In The Nineteenth Century, The Industrial Revolution Caused

1043 WordsMar 1, 20175 Pages
In the nineteenth century, the industrial revolution caused a sharp differentiation between gender roles. Men and women were thought to have completely different roles. Men were seen as workers while women were seen as home-makers. Men and women were totally opposites each other. Marriage was seen as the only proper locale for sex, and women didn’t have any rights in their marriage lives. Birth controls were absent, and abortion was forbidden since 1800s. Sex within marriage usually meant frequent pregnancy, especially as some areas had laws that a husband had his rights to his wife’s body. The death rate for a woman delivering a child was 1 in 200 in 1870 (Radek-Hall), so having children could be psychologically traumatic for women. The…show more content…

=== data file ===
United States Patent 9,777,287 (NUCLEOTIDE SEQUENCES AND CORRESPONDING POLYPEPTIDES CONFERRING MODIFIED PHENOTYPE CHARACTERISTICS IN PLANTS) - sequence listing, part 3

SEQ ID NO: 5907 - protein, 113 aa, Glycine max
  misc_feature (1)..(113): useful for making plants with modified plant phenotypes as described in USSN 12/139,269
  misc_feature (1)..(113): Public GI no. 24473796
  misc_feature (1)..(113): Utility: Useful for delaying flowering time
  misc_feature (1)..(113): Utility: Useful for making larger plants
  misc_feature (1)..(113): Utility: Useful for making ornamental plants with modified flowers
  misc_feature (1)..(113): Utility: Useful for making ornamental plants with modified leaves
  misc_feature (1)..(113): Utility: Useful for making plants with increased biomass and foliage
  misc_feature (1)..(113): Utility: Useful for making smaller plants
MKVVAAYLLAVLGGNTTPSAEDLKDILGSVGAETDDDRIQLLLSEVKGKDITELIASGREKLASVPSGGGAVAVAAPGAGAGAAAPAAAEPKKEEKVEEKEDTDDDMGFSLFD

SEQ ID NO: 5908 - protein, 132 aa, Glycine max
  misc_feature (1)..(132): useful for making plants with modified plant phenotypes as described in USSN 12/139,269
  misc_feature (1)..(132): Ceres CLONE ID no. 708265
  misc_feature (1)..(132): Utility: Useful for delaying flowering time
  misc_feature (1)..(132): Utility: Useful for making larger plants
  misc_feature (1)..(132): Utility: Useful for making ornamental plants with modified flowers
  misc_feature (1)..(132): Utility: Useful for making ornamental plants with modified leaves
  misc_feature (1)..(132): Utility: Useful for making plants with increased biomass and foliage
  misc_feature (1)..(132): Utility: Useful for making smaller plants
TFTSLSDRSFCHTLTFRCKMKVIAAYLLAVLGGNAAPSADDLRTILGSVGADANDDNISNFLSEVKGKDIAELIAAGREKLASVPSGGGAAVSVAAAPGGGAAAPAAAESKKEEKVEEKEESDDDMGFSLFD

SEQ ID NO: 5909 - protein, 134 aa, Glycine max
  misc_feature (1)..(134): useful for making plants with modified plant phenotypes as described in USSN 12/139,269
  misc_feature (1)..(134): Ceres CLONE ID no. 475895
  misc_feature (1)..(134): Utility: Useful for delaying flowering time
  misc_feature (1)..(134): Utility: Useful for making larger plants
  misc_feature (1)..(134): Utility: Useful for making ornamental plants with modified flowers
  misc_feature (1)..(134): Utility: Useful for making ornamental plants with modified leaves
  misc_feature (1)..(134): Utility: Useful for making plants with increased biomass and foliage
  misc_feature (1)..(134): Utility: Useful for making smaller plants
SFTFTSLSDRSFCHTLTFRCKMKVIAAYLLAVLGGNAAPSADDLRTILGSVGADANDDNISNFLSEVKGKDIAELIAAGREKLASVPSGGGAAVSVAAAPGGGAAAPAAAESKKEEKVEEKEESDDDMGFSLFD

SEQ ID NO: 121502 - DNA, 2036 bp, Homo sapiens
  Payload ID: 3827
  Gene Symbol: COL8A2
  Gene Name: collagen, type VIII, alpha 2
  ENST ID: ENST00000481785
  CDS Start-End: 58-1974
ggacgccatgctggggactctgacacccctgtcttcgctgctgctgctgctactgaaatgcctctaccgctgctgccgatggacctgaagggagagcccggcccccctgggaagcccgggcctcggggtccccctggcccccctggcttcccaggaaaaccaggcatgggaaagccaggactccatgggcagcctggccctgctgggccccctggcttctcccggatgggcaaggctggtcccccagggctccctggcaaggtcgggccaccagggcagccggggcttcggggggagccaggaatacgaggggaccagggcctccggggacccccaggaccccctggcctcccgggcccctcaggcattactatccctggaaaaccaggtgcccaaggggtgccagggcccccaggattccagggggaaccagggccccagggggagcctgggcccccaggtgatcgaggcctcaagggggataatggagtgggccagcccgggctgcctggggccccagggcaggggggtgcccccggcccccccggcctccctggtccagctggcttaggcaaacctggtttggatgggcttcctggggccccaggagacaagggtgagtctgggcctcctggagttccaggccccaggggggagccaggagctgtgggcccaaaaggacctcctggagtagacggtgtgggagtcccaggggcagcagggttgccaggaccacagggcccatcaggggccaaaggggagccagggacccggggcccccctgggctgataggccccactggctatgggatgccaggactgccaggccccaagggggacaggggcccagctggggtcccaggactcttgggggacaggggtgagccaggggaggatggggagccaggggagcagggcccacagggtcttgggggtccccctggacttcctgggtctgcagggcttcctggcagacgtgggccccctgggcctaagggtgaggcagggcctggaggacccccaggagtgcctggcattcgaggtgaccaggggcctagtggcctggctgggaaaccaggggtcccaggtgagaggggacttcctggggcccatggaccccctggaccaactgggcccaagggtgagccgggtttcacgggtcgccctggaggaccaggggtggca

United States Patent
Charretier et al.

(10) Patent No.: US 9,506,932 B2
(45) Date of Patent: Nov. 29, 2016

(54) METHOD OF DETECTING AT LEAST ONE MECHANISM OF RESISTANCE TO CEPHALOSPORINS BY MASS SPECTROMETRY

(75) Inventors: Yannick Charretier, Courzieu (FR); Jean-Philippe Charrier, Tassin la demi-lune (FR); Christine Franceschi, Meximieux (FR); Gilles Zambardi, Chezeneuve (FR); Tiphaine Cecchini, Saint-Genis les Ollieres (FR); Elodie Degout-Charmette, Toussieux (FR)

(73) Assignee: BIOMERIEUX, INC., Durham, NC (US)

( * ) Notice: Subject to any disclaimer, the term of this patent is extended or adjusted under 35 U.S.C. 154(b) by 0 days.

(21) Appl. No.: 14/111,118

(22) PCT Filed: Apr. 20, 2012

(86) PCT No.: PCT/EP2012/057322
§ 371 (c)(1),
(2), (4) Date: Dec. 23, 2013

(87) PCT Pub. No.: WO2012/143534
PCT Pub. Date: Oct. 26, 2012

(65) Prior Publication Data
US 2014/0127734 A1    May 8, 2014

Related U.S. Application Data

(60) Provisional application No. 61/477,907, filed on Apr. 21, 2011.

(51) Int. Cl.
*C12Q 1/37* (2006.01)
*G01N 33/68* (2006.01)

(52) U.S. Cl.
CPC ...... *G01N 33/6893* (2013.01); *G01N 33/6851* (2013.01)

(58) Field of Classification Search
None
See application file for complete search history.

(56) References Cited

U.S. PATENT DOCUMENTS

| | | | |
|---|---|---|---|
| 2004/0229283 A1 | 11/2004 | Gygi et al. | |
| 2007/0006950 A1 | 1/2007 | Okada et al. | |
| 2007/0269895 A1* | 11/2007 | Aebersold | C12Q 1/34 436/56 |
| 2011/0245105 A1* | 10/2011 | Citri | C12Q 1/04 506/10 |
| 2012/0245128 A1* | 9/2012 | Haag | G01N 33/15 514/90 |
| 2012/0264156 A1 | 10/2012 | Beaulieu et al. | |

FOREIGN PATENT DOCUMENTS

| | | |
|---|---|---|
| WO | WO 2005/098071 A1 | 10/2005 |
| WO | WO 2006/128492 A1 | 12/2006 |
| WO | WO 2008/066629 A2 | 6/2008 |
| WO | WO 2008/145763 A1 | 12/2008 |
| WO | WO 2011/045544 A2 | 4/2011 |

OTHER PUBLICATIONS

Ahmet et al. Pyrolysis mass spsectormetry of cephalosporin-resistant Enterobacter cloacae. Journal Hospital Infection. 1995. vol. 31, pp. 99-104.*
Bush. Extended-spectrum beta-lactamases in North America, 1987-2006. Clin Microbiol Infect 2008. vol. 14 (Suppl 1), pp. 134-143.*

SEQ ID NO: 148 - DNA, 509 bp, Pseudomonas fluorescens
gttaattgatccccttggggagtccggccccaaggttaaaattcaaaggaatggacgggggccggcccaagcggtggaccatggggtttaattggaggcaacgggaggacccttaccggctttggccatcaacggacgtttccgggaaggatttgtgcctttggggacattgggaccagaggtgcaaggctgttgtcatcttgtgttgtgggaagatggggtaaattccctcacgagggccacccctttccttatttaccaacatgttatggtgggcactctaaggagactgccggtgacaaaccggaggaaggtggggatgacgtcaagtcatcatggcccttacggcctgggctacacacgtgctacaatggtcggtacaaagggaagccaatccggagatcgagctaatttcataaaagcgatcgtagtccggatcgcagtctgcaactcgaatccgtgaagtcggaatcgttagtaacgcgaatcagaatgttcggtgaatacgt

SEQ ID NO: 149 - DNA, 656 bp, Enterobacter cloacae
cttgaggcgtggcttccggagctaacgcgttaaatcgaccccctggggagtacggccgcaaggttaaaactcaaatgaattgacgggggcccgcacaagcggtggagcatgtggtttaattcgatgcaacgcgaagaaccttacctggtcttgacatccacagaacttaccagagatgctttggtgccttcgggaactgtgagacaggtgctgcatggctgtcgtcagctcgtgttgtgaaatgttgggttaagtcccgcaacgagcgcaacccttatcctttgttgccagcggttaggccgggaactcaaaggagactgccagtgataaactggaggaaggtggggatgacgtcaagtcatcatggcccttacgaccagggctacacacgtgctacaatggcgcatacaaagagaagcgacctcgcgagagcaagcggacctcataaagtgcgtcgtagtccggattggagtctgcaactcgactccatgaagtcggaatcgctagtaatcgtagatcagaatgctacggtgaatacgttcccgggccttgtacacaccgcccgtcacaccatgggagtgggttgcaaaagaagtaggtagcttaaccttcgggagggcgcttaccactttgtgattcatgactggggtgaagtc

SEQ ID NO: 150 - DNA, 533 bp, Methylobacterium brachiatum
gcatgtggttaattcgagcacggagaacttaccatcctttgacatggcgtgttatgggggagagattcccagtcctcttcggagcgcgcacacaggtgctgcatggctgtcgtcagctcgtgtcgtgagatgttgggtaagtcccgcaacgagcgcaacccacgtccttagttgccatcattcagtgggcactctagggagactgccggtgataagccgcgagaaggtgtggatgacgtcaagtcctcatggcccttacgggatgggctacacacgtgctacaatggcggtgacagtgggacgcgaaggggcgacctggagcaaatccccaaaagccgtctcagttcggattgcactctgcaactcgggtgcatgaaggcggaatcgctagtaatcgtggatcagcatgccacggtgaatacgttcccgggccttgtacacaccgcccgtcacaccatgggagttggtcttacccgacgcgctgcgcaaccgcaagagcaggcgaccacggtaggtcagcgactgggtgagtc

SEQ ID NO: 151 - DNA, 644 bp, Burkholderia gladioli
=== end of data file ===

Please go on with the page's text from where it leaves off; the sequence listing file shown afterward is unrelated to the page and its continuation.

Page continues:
Many children died at an early age because of poverty, and lack of medical treatment, while the others lived in bad conditions, uneducated. It was a desperate situation for low-income families all over the nation. On the other hand, female’s role in society was to be wives. They take care of the children, do housework, or go to work which is limited to unskilled jobs or agriculture labor. Having a lot of children was a terrible panic for women because they had to go through the childbirth without medical access. Especially, women in working class families had to go back to work right after giving birth without taking any medicine because they needed money for the other children. Mothers’ health declined if they kept getting pregnant, so women tried many ways to prevent having children. However, most of the methods were not safe and sometimes dangerous for their body. Margaret started her job as a nurse; during her work, she met working-class, and deprived women who had to go through recurrent childbirth, miscarriages, or self-induced abortions because of lacking of information on how to avoid unwanted pregnancy. In the early 1900s, there was neither birth control nor education on how to stop pregnancy. Working class women usually used the natural methods to avoid having children; for example, olive oil, pomegranate pulp, ginger, and even tobacco juice were used to smear on or inside the vagina as an early spermicide. More scary than that, some women drank
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